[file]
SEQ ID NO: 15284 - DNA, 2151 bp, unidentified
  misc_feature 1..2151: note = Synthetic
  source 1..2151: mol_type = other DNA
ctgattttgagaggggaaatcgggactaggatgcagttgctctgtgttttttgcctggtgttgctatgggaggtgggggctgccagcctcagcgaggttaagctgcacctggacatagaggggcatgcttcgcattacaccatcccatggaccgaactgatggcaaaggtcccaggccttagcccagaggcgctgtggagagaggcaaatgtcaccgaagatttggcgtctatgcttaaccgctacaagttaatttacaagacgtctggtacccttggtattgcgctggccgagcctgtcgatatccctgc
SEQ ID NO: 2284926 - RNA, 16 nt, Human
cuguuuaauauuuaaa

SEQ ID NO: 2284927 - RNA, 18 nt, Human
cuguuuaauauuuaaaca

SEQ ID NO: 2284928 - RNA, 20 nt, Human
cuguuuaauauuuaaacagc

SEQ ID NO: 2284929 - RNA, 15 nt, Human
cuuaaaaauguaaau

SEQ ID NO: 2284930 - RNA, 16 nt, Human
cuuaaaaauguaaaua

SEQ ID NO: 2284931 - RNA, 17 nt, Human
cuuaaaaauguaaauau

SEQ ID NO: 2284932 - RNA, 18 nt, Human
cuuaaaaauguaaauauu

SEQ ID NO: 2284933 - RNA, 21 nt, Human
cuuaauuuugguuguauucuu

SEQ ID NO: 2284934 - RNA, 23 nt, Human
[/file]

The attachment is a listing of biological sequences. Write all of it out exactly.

SEQ ID NO: 15284 - DNA, 2151 bp, unidentified
  misc_feature 1..2151: note = Synthetic
  source 1..2151: mol_type = other DNA
ctgattttgagaggggaaatcgggactaggatgcagttgctctgtgttttttgcctggtgttgctatgggaggtgggggctgccagcctcagcgaggttaagctgcacctggacatagaggggcatgcttcgcattacaccatcccatggaccgaactgatggcaaaggtcccaggccttagcccagaggcgctgtggagagaggcaaatgtcaccgaagatttggcgtctatgcttaaccgctacaagttaatttacaagacgtctggtacccttggtattgcgctggccgagcctgtcgatatccctgc
SEQ ID NO: 2284926 - RNA, 16 nt, Human
cuguuuaauauuuaaa

SEQ ID NO: 2284927 - RNA, 18 nt, Human
cuguuuaauauuuaaaca

SEQ ID NO: 2284928 - RNA, 20 nt, Human
cuguuuaauauuuaaacagc

SEQ ID NO: 2284929 - RNA, 15 nt, Human
cuuaaaaauguaaau

SEQ ID NO: 2284930 - RNA, 16 nt, Human
cuuaaaaauguaaaua

SEQ ID NO: 2284931 - RNA, 17 nt, Human
cuuaaaaauguaaauau

SEQ ID NO: 2284932 - RNA, 18 nt, Human
cuuaaaaauguaaauauu

SEQ ID NO: 2284933 - RNA, 21 nt, Human
cuuaauuuugguuguauucuu

SEQ ID NO: 2284934 - RNA, 23 nt, Human